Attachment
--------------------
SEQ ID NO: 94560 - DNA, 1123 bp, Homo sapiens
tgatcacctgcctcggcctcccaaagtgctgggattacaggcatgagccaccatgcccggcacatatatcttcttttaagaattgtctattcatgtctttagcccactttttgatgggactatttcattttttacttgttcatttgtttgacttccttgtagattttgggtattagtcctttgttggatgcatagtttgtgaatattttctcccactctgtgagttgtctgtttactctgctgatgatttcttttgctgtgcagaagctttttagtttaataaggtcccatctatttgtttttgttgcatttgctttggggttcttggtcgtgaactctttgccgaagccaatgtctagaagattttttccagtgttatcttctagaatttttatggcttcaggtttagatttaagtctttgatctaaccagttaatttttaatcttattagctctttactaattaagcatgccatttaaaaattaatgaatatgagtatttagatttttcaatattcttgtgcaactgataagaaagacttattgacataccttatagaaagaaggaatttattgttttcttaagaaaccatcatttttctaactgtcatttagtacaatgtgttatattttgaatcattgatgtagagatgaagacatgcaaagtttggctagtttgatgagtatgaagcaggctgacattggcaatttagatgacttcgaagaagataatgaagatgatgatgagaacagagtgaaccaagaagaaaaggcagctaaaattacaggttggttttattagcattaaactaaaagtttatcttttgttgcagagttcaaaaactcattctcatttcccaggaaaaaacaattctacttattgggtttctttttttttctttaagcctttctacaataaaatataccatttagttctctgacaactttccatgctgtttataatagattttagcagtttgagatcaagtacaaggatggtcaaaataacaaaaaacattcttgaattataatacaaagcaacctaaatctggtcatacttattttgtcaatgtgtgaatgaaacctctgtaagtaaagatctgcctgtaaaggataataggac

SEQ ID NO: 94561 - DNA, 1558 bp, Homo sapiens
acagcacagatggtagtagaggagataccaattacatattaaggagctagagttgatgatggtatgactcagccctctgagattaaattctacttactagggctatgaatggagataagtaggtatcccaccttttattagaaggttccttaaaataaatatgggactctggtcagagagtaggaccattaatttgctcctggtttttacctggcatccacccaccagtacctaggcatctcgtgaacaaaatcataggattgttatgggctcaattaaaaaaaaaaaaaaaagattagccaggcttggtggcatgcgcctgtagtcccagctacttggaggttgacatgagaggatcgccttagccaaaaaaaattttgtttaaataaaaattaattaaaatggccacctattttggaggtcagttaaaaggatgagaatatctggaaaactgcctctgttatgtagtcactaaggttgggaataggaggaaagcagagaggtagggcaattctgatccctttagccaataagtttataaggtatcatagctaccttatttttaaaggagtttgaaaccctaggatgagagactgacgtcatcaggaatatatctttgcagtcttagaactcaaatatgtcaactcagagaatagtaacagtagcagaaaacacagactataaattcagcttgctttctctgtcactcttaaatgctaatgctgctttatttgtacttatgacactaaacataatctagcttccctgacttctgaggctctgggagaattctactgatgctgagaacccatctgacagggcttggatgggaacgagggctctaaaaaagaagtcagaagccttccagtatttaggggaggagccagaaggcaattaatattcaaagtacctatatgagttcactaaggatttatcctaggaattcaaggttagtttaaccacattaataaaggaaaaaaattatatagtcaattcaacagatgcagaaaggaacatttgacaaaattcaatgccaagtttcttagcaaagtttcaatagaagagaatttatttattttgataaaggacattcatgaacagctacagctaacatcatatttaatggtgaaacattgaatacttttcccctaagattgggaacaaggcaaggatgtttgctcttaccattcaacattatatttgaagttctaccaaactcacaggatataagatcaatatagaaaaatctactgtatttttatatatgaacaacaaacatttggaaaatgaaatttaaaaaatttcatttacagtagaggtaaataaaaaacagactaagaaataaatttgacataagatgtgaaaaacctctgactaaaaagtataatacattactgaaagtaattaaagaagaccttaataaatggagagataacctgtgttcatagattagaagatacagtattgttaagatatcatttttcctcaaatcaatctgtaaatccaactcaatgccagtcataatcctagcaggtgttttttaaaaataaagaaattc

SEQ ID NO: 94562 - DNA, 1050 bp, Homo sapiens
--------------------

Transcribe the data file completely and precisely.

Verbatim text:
SEQ ID NO: 94560 - DNA, 1123 bp, Homo sapiens
tgatcacctgcctcggcctcccaaagtgctgggattacaggcatgagccaccatgcccggcacatatatcttcttttaagaattgtctattcatgtctttagcccactttttgatgggactatttcattttttacttgttcatttgtttgacttccttgtagattttgggtattagtcctttgttggatgcatagtttgtgaatattttctcccactctgtgagttgtctgtttactctgctgatgatttcttttgctgtgcagaagctttttagtttaataaggtcccatctatttgtttttgttgcatttgctttggggttcttggtcgtgaactctttgccgaagccaatgtctagaagattttttccagtgttatcttctagaatttttatggcttcaggtttagatttaagtctttgatctaaccagttaatttttaatcttattagctctttactaattaagcatgccatttaaaaattaatgaatatgagtatttagatttttcaatattcttgtgcaactgataagaaagacttattgacataccttatagaaagaaggaatttattgttttcttaagaaaccatcatttttctaactgtcatttagtacaatgtgttatattttgaatcattgatgtagagatgaagacatgcaaagtttggctagtttgatgagtatgaagcaggctgacattggcaatttagatgacttcgaagaagataatgaagatgatgatgagaacagagtgaaccaagaagaaaaggcagctaaaattacaggttggttttattagcattaaactaaaagtttatcttttgttgcagagttcaaaaactcattctcatttcccaggaaaaaacaattctacttattgggtttctttttttttctttaagcctttctacaataaaatataccatttagttctctgacaactttccatgctgtttataatagattttagcagtttgagatcaagtacaaggatggtcaaaataacaaaaaacattcttgaattataatacaaagcaacctaaatctggtcatacttattttgtcaatgtgtgaatgaaacctctgtaagtaaagatctgcctgtaaaggataataggac

SEQ ID NO: 94561 - DNA, 1558 bp, Homo sapiens
acagcacagatggtagtagaggagataccaattacatattaaggagctagagttgatgatggtatgactcagccctctgagattaaattctacttactagggctatgaatggagataagtaggtatcccaccttttattagaaggttccttaaaataaatatgggactctggtcagagagtaggaccattaatttgctcctggtttttacctggcatccacccaccagtacctaggcatctcgtgaacaaaatcataggattgttatgggctcaattaaaaaaaaaaaaaaaagattagccaggcttggtggcatgcgcctgtagtcccagctacttggaggttgacatgagaggatcgccttagccaaaaaaaattttgtttaaataaaaattaattaaaatggccacctattttggaggtcagttaaaaggatgagaatatctggaaaactgcctctgttatgtagtcactaaggttgggaataggaggaaagcagagaggtagggcaattctgatccctttagccaataagtttataaggtatcatagctaccttatttttaaaggagtttgaaaccctaggatgagagactgacgtcatcaggaatatatctttgcagtcttagaactcaaatatgtcaactcagagaatagtaacagtagcagaaaacacagactataaattcagcttgctttctctgtcactcttaaatgctaatgctgctttatttgtacttatgacactaaacataatctagcttccctgacttctgaggctctgggagaattctactgatgctgagaacccatctgacagggcttggatgggaacgagggctctaaaaaagaagtcagaagccttccagtatttaggggaggagccagaaggcaattaatattcaaagtacctatatgagttcactaaggatttatcctaggaattcaaggttagtttaaccacattaataaaggaaaaaaattatatagtcaattcaacagatgcagaaaggaacatttgacaaaattcaatgccaagtttcttagcaaagtttcaatagaagagaatttatttattttgataaaggacattcatgaacagctacagctaacatcatatttaatggtgaaacattgaatacttttcccctaagattgggaacaaggcaaggatgtttgctcttaccattcaacattatatttgaagttctaccaaactcacaggatataagatcaatatagaaaaatctactgtatttttatatatgaacaacaaacatttggaaaatgaaatttaaaaaatttcatttacagtagaggtaaataaaaaacagactaagaaataaatttgacataagatgtgaaaaacctctgactaaaaagtataatacattactgaaagtaattaaagaagaccttaataaatggagagataacctgtgttcatagattagaagatacagtattgttaagatatcatttttcctcaaatcaatctgtaaatccaactcaatgccagtcataatcctagcaggtgttttttaaaaataaagaaattc

SEQ ID NO: 94562 - DNA, 1050 bp, Homo sapiens